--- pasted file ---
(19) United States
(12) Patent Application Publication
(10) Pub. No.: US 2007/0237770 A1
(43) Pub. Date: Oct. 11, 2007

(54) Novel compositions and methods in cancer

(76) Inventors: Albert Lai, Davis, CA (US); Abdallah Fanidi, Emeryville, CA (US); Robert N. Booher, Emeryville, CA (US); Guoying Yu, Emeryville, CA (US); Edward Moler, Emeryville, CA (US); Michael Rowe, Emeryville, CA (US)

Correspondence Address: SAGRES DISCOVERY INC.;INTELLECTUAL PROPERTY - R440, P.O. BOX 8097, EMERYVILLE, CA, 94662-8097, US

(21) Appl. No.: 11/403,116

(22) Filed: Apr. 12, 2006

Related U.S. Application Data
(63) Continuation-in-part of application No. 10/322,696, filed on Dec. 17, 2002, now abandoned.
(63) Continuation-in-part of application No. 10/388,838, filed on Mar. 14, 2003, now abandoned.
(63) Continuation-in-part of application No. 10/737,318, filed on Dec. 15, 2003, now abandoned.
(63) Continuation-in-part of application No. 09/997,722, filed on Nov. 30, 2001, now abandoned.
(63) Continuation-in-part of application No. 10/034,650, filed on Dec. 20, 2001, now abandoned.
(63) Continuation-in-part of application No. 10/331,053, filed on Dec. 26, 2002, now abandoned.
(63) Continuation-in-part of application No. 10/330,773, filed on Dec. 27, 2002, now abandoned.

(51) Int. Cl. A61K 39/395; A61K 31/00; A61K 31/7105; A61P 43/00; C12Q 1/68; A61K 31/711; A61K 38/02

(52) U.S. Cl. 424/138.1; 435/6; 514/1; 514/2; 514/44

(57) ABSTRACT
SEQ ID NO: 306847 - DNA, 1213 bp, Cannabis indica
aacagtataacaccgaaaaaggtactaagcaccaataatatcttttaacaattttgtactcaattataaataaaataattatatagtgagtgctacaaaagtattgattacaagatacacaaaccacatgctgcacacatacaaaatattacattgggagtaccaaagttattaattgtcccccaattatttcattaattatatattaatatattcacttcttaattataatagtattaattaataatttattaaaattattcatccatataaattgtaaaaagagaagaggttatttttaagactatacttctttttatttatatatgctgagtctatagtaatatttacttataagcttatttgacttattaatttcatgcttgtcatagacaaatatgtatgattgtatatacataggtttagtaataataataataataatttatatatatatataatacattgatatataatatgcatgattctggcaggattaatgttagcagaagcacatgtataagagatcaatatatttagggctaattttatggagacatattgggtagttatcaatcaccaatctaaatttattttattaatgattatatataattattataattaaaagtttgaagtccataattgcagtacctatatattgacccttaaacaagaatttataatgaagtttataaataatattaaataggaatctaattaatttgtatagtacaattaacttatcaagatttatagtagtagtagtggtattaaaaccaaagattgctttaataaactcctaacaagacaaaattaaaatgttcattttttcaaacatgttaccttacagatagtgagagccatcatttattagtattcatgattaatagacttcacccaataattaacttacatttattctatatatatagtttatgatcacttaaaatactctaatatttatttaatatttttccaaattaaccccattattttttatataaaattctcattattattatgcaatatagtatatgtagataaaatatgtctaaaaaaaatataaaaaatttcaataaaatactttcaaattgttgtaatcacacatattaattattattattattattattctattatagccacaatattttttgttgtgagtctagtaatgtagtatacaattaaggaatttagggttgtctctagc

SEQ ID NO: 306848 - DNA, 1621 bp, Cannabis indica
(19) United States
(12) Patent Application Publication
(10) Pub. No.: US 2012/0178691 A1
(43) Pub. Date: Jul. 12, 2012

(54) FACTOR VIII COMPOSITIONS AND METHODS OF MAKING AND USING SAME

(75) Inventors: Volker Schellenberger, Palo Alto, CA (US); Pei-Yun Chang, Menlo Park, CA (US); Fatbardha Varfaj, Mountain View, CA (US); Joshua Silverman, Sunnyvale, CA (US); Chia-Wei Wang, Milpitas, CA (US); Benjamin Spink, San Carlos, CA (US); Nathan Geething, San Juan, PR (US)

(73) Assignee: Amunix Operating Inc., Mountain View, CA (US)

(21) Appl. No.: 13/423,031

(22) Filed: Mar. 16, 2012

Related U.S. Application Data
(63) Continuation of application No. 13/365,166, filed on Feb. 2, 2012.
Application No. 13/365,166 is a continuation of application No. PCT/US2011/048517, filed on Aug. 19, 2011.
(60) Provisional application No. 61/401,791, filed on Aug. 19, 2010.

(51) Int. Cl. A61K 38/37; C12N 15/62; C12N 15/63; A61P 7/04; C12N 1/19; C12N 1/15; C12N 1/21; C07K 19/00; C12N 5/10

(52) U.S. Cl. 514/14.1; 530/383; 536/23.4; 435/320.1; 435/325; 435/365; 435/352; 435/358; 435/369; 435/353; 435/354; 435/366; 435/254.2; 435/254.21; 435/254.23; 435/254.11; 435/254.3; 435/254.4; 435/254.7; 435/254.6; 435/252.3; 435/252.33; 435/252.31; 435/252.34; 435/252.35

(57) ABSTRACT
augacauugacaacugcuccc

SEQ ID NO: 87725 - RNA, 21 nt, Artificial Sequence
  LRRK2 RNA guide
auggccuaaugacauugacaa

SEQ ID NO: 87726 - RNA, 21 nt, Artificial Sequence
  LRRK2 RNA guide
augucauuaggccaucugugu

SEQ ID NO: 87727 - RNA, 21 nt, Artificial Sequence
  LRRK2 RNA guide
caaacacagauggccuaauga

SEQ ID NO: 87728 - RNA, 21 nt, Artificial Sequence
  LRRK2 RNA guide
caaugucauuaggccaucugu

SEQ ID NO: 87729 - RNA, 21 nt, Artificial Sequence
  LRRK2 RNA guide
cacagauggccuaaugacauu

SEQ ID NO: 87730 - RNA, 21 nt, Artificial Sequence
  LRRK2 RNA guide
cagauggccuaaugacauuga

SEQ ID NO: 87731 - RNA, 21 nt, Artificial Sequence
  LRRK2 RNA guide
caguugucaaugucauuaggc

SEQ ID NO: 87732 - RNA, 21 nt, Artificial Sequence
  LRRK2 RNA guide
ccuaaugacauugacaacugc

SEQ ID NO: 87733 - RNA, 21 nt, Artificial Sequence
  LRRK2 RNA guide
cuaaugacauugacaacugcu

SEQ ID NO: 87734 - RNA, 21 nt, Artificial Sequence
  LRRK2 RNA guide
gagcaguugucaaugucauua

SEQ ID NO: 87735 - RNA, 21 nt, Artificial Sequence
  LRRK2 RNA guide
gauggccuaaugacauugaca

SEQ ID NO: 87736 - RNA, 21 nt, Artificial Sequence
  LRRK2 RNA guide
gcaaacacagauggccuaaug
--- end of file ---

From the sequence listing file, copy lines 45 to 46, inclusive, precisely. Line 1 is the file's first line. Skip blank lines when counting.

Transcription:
  LRRK2 RNA guide
augucauuaggccaucugugu